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Our industry, much like those of construction, technology, national politics and sports (amongst others) are notorious for being dominated by the male species. Why is that? Is it the old aged theory that women simply “don’t grasp the complicated machines known as cars”? Or is it that we just aren't macho enough? Whatever the reasoning, it simply just doesn't make any sense.

Bottom line…sexism. It plays a major role in our industry and I personally feel it almost every day. I don’t feel it from my colleagues at iMagicLab, probably since I am “just one of the guys” to our crazy bunch, but I definitely feel it from others outside our organization. There isn't a day that goes by that I don’t get “thanks sweetie” or a wink at the end of an email, which I highly doubt my male counterparts get in their correspondence with others in the industry. It doesn't bother me in the least bit (actually makes me blush from time to time, which one can always use) but I do think it’s just the industry standard (odd as it may sound). As mentioned in one of my recent blogs, I recently came to our industry from Corporate America and I can’t think of one occasion that I was treated that way in my tenure there. Probably for the fear of sexual harassment, which can happen in any industry, but for fear nonetheless.

Studies have shown that women in our industry (though few and far between) have rarely held roles at the senior or executive level. Over the last several years I've read several articles stating we would begin to see a paradigm shift- and begin seeing women working in our body shops, making it as senior level executives at the top automakers (Grace Lieblein, VP at GM), to race-car drivers (Danica Patrick). We are breaking down those barriers one by one, and hopefully before we know we won’t just hear “the old car guy” as a reference to those in our industry.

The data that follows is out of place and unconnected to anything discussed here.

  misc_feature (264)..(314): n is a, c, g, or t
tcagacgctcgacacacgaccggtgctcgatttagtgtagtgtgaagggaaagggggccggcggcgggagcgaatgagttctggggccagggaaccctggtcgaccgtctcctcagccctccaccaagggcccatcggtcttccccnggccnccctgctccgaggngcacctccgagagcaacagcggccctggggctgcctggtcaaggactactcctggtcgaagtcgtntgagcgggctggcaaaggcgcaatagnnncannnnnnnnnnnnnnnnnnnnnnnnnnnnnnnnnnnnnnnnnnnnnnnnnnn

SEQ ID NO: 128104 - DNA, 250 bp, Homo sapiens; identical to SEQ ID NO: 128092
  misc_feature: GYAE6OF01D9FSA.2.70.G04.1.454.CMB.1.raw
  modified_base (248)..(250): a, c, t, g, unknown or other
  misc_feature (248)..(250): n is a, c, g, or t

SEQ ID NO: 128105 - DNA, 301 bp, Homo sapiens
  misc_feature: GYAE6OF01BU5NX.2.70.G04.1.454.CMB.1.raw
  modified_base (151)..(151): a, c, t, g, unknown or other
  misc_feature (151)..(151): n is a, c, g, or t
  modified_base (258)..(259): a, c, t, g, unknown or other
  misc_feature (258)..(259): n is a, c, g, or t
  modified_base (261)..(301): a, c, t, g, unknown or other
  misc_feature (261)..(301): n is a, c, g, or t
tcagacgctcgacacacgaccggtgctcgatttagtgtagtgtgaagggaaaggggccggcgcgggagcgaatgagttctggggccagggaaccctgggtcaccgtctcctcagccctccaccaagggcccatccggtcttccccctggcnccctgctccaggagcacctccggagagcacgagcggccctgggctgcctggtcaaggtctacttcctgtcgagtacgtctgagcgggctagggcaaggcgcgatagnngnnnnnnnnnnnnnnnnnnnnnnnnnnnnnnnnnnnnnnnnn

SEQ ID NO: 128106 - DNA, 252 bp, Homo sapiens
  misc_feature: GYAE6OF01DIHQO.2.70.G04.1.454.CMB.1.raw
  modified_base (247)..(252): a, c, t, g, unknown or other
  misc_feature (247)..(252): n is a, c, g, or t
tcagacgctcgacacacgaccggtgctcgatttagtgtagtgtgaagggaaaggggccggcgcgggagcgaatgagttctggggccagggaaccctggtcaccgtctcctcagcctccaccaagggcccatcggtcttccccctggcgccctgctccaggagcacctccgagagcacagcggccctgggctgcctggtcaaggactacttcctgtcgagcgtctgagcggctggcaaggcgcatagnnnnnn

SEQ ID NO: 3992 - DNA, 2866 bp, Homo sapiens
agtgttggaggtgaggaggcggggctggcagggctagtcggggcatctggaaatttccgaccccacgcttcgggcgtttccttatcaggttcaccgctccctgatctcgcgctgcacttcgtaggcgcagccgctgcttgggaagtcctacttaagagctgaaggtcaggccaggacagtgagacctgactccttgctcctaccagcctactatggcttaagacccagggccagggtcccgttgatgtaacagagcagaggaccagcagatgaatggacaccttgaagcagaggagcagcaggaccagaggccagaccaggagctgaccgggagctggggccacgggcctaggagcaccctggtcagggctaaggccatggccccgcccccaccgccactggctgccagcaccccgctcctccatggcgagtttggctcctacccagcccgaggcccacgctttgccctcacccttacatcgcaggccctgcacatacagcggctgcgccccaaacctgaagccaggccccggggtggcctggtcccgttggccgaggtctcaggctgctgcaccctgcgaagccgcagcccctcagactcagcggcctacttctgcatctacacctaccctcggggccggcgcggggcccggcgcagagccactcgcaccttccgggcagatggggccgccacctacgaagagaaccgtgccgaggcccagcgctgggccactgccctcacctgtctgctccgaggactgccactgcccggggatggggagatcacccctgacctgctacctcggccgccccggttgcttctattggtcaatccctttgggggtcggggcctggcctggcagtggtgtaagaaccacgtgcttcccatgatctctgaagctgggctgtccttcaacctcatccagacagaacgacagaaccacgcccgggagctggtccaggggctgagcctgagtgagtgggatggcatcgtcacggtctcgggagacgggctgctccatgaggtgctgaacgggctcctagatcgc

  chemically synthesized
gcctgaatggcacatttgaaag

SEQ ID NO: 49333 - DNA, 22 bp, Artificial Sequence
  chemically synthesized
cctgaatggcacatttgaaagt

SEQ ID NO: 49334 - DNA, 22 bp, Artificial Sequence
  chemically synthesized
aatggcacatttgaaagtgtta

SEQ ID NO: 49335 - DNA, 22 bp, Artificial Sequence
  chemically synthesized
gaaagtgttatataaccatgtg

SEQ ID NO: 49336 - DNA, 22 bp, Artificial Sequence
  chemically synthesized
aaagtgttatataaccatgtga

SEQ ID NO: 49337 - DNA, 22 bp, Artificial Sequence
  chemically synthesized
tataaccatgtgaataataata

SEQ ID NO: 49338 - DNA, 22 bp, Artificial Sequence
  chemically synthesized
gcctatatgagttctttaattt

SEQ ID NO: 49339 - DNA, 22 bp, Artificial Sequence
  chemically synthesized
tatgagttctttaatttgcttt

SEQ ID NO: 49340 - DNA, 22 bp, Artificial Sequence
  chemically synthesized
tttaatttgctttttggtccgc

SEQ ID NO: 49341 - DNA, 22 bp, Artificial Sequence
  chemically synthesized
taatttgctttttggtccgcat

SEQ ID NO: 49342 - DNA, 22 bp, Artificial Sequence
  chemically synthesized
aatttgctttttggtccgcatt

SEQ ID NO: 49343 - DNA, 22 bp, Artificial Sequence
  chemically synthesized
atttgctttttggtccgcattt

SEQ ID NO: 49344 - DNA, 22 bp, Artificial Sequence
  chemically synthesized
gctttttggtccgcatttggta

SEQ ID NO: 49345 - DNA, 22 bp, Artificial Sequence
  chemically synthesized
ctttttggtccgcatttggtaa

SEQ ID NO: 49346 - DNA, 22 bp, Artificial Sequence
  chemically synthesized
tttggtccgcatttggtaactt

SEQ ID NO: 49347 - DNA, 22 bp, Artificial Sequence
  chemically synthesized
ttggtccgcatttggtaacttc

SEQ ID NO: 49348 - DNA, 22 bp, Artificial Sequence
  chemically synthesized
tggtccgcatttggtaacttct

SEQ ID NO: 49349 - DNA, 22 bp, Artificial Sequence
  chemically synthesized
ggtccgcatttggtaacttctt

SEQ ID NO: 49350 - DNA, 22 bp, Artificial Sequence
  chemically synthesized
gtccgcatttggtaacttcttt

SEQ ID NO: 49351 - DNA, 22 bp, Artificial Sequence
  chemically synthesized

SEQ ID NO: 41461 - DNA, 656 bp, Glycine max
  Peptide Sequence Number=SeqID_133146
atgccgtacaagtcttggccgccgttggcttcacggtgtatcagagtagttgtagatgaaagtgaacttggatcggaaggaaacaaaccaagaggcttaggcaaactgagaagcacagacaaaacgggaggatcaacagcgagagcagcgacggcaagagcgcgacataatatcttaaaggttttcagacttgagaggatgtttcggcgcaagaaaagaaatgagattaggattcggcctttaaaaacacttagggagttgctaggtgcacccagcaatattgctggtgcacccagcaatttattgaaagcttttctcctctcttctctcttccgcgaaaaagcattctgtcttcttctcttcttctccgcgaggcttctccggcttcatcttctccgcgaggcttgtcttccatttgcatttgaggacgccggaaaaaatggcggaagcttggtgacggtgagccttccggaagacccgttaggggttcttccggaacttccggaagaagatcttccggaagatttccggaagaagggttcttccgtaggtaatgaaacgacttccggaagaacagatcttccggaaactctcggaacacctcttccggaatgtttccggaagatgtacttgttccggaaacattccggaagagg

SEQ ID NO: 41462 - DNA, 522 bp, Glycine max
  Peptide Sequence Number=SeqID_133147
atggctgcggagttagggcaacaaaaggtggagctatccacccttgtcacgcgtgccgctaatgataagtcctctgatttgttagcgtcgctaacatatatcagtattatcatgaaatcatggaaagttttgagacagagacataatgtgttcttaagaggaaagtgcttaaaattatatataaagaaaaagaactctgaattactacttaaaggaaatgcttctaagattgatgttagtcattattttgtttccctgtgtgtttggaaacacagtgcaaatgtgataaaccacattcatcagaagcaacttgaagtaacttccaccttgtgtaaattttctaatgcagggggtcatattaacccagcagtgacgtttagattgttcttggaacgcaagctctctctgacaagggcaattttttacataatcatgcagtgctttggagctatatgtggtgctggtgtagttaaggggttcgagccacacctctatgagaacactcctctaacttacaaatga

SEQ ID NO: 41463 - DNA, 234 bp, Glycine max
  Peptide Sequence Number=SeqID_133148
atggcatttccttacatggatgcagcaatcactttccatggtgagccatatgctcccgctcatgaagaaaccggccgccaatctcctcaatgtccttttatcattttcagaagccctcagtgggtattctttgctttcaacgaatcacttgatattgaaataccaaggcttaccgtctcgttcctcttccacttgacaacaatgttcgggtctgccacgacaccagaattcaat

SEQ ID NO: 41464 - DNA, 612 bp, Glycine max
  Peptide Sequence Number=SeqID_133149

I’d love to see the “no girls allowed” sign taken down, sexism go by the wayside, and for us to continue to build our workforce with the most knowledgeable professionals out there (no matter the gender).

Carey Spillert is a Sales Solutions Manager at iMagicLab. She has recently come back to the industry after years of being a corporate powerhouse. You can follow Carey @theCRMprincess on Twitter and find her on LinkedIn.

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Comment by Carey Spillert on August 19, 2013 at 6:08am

Thank you Tom for the reply and for reading.

Comment by Big Tom LaPointe on August 18, 2013 at 5:06pm

Carey - I came to the car industry from both the military in Washington d.c., and academia (Johns Hopkins University), and was mortified with the lack of correctness in the industry. HOWEVER, by the early 2000's, much of that had transformed - and 100% transformed culturally in the recent dealer groups I have been a part of. I don't necessarily see the correlation between the politically incorrect behavior you describe in the first part of your post and your NO GIRLS ALLOWED sign reference at the end. (I have often been frustrated by women in EVERY aforementioned workplace who have used a wink or smile to get favored treatment, by the way)

I have worked alongside MANY women on the service drive and in the showroom, but if you look at the pure numbers of the people crazy enough to apply for these positions, the 95% male applicant pool closely mirrors the employee pool. Most don't stay long enough to be managers. But go to the racetrack and look at the fence along the pits - if there are youths there admiring the cars, by and large, they are boys. Sure many women love cars and racing, but not enough to learn the difference between a valve lifters and pushrods. I admire a model on the runway but could really care less who designed her shoes. And not many men apply for the receptionist position, either. Some of what you are describing can likely be attributed to some 'good ole boy' behavior, but in MY EXPERIENCE, girls don't grow up wanting to work on cars. I have met a total of 1. Maybe that's why I love Marissa Tomey's performance in My Cousin Vinny so much.

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